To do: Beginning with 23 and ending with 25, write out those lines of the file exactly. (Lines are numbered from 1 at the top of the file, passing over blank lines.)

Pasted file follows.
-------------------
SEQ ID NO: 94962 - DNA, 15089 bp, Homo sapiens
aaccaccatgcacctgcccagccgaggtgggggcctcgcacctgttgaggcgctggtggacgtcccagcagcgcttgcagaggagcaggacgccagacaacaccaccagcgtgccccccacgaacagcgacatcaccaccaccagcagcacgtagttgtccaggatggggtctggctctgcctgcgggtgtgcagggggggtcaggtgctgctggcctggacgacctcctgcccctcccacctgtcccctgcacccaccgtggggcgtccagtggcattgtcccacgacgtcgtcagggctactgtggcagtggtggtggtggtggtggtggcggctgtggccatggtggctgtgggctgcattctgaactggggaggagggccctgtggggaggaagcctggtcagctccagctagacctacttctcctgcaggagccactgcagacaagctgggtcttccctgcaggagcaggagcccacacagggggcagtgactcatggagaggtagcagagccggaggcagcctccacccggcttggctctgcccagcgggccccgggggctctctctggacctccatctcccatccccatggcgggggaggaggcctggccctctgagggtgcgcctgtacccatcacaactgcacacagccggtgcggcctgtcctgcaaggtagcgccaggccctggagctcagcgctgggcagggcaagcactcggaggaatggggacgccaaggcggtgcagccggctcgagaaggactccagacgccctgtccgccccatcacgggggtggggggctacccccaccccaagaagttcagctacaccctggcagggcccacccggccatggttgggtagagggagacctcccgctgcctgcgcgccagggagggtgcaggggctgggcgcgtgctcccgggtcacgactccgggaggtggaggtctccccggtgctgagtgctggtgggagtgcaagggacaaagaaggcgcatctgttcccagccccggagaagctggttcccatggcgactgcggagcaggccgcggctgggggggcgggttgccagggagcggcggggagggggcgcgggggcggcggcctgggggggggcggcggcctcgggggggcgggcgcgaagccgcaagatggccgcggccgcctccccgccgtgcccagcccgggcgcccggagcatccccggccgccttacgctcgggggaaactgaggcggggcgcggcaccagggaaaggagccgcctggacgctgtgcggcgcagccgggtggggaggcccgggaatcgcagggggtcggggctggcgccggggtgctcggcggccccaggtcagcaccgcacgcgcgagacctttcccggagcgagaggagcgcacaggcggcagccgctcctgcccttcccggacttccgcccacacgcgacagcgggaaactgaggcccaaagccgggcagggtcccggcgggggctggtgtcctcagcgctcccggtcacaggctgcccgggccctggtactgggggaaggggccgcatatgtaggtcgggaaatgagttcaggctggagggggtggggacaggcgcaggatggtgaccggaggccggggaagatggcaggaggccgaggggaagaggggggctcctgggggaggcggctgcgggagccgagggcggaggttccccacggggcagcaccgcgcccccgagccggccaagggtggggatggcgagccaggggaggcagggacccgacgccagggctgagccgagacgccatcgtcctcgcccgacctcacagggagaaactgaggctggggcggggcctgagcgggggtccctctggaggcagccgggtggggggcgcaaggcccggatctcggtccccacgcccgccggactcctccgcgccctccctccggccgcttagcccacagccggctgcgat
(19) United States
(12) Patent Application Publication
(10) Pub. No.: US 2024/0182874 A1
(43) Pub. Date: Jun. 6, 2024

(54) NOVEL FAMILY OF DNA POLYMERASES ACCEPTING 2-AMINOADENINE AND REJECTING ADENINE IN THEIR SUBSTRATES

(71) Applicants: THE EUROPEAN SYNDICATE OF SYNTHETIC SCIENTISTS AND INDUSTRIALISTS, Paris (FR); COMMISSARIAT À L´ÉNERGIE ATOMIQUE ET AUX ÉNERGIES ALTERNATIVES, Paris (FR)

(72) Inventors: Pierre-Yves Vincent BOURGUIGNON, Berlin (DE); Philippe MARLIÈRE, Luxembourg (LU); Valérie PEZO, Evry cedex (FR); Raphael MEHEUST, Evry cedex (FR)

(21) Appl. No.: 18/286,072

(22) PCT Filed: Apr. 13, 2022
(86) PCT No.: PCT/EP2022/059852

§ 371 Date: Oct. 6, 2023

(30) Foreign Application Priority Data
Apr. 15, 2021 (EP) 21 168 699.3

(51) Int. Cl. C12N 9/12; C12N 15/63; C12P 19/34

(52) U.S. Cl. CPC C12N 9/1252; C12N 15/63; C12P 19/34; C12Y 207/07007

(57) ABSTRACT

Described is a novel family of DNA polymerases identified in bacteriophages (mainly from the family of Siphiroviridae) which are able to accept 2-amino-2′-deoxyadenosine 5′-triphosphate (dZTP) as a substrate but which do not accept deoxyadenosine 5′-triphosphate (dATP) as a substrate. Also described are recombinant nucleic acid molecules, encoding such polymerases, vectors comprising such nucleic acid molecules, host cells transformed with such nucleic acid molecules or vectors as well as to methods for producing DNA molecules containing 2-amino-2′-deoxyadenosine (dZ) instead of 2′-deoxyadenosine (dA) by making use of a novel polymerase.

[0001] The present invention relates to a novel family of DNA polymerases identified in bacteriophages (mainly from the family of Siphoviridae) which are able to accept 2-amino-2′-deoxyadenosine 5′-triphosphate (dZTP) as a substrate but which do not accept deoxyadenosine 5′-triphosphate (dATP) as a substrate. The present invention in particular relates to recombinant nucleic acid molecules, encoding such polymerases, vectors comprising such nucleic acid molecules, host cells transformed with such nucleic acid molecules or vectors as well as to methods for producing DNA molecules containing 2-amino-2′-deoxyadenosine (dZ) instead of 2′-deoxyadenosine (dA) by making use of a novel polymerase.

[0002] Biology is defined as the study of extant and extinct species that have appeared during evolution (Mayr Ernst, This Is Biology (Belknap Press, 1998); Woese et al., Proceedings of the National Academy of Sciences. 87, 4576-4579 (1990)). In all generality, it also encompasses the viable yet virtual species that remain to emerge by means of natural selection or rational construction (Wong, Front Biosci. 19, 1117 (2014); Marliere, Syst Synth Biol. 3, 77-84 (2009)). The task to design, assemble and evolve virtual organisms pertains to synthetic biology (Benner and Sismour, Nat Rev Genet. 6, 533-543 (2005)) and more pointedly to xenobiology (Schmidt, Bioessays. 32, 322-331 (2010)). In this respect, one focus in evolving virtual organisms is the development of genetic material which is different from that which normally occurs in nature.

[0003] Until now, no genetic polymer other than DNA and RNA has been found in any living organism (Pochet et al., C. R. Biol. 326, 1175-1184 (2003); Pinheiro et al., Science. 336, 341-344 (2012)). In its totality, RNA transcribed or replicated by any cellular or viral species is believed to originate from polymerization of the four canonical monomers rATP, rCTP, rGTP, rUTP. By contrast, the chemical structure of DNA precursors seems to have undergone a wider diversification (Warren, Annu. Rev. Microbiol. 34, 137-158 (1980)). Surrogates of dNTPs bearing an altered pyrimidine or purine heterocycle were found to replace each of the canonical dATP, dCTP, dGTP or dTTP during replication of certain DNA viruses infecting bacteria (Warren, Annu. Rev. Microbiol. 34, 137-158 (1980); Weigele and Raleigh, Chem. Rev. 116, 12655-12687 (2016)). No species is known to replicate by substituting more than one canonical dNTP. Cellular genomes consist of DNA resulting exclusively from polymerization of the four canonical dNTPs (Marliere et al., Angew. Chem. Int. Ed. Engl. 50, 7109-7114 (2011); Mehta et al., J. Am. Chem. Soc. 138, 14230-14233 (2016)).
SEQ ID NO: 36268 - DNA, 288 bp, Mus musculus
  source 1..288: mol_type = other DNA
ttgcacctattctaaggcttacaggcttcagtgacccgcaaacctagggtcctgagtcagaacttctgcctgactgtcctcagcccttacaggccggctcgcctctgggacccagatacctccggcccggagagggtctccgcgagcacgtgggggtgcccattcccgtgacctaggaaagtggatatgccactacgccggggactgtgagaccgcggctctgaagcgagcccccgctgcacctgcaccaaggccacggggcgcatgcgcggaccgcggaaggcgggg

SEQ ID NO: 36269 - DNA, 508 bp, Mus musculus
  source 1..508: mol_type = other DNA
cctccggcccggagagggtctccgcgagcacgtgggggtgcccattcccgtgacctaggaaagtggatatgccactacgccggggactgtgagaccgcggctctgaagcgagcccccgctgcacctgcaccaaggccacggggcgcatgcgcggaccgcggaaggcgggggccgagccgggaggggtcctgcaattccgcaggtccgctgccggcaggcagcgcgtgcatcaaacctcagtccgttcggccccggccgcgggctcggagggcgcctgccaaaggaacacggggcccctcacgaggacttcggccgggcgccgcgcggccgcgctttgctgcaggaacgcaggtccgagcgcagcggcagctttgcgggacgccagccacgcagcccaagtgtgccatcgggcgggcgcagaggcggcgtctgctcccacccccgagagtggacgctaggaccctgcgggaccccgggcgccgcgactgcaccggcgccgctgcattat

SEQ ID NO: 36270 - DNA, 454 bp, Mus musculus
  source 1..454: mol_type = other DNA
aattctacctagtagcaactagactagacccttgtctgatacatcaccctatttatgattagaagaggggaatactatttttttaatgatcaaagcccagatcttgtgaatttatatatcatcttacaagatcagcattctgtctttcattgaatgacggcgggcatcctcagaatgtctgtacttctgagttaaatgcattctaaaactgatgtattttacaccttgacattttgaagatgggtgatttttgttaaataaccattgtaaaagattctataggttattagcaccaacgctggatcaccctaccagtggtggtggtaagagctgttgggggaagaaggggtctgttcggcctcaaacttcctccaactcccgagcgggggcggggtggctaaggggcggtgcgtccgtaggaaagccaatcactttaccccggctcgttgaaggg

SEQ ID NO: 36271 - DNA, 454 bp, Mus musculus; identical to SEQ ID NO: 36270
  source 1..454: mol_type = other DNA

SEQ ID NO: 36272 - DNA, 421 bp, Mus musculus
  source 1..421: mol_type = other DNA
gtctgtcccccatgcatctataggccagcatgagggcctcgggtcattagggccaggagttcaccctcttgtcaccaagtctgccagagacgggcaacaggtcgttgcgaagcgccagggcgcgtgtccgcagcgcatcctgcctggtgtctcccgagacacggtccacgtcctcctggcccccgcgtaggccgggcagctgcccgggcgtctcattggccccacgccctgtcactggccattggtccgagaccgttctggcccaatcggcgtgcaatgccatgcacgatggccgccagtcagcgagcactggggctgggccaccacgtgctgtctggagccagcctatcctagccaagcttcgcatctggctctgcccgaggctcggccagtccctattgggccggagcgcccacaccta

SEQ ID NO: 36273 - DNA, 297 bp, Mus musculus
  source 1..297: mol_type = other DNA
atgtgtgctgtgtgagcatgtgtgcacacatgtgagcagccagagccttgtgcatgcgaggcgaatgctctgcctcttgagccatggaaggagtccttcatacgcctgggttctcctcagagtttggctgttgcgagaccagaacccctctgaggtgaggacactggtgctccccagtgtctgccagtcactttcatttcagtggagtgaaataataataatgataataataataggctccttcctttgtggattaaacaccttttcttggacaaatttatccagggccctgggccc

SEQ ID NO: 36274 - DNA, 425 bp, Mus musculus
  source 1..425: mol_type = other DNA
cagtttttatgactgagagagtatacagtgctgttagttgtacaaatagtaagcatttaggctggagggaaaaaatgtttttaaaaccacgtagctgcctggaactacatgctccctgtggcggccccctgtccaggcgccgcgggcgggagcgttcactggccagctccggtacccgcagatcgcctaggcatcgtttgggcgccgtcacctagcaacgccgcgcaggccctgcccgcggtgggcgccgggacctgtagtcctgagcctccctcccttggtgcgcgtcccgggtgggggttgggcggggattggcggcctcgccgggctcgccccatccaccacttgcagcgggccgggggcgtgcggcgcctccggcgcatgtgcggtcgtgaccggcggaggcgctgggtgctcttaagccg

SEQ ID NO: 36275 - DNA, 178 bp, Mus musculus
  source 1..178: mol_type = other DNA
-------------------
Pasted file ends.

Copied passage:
SEQ ID NO: 36268 - DNA, 288 bp, Mus musculus
  source 1..288: mol_type = other DNA
ttgcacctattctaaggcttacaggcttcagtgacccgcaaacctagggtcctgagtcagaacttctgcctgactgtcctcagcccttacaggccggctcgcctctgggacccagatacctccggcccggagagggtctccgcgagcacgtgggggtgcccattcccgtgacctaggaaagtggatatgccactacgccggggactgtgagaccgcggctctgaagcgagcccccgctgcacctgcaccaaggccacggggcgcatgcgcggaccgcggaaggcgggg